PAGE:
Mexican finance minister calls US tax overhaul ‘regressive’


By Anthony Esposito

MEXICO CITY, Jan 11 (Reuters) – Mexico’s finance minister on
Thursday labeled the U.S. tax law overhaul passed by Congress
in December as “regressive” and said the Mexican economy would
remain competitive without sweeping cuts to corporate tax rates.

The Republican-controlled U.S. Congress defied opposition
from Democrats to pass the bill and give President Trump his
first major legislative victory.

The overhaul cuts taxes for corporations and the wealthy
while giving mixed, temporary tax relief to middle-class

Cutting the U.S. corporate tax rate to 21 percent from 35
percent has sparked concern among Mexican companies and some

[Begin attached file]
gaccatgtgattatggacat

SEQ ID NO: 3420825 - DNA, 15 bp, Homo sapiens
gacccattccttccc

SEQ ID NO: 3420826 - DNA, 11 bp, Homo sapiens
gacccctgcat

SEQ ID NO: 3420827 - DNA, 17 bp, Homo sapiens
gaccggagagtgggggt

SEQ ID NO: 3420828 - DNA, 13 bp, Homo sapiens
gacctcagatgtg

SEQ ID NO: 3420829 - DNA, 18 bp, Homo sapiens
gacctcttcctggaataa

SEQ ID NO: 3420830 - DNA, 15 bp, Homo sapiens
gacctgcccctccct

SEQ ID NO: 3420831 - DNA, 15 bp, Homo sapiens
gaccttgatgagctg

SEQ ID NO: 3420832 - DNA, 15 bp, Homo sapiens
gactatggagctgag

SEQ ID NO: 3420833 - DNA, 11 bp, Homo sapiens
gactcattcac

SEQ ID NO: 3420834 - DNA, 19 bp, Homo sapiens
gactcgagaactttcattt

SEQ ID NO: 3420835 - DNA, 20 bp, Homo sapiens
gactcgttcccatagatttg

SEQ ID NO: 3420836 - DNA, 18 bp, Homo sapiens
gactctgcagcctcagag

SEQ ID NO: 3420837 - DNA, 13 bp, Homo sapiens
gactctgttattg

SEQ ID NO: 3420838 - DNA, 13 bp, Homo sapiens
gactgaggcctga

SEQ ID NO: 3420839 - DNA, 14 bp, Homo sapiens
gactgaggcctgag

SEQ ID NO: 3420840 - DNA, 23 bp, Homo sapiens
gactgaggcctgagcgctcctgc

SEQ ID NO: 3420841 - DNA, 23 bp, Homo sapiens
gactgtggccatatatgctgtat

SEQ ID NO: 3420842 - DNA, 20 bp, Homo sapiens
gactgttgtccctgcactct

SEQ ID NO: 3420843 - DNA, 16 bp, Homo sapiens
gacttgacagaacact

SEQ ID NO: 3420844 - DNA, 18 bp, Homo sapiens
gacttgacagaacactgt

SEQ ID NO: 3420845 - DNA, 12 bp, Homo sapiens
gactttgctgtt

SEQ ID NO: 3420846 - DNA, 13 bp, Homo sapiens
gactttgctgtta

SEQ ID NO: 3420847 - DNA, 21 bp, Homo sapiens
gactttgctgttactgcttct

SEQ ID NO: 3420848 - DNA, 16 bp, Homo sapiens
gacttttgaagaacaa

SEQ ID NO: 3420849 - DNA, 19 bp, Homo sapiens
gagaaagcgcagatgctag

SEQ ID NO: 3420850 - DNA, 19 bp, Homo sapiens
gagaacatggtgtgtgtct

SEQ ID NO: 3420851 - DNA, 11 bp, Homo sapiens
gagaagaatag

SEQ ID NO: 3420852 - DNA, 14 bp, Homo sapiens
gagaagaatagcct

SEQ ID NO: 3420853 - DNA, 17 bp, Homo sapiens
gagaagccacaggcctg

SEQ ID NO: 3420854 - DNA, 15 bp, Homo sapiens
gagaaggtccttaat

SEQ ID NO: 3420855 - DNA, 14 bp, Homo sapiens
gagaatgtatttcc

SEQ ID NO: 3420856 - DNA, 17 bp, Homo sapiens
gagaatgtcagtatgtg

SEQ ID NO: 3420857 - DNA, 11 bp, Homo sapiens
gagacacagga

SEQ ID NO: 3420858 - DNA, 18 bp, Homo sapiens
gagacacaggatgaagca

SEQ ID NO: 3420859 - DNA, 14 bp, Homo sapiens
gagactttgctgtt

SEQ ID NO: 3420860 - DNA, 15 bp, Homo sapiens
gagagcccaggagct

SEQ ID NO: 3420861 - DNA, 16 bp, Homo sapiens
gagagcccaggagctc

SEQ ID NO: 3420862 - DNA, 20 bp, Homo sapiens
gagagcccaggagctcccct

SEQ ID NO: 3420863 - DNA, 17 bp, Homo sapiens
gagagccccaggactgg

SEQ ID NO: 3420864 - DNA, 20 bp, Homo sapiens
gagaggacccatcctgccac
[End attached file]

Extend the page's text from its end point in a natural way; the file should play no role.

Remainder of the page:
lawmakers that it could lead to less investment reaching Latin
America’s second biggest economy.

However, Finance Minister Jose Antonio Gonzalez Anaya argued
the changes could make the U.S. economy overheat and said his
government did not want to copy Trump’s overhaul.

“It’s a very regressive reform: the top one percent of
earners will get 40 percent of the benefits,” he said at an
event in Mexico City. “It’s not exactly something we want here.”

What makes a country competitive is not simply a matter of
taxation, said Gonzalez Anaya.

“If that were the case the countries with the lowest tax
take would be the most competitive,” he said, citing Haiti and
Bolivia as examples in the Americas. “They aren’t exactly the
most competitive countries in the hemisphere.”

Still, automaker Fiat Chrysler said shortly after Gonzalez
Anaya spoke that the U.S. tax overhaul had partially enabled the
company to boost investment in its U.S. manufacturing operations
and grant a bonus payment to workers.

The minister said that since the United States is near full
employment the overhaul’s impact on economic activity would be
“limited”. It could, however, make it overheat, he added.

“That would force the Federal Reserve to act more quickly
than it’s been doing up until now,” he said.
(Editing by Dave Graham)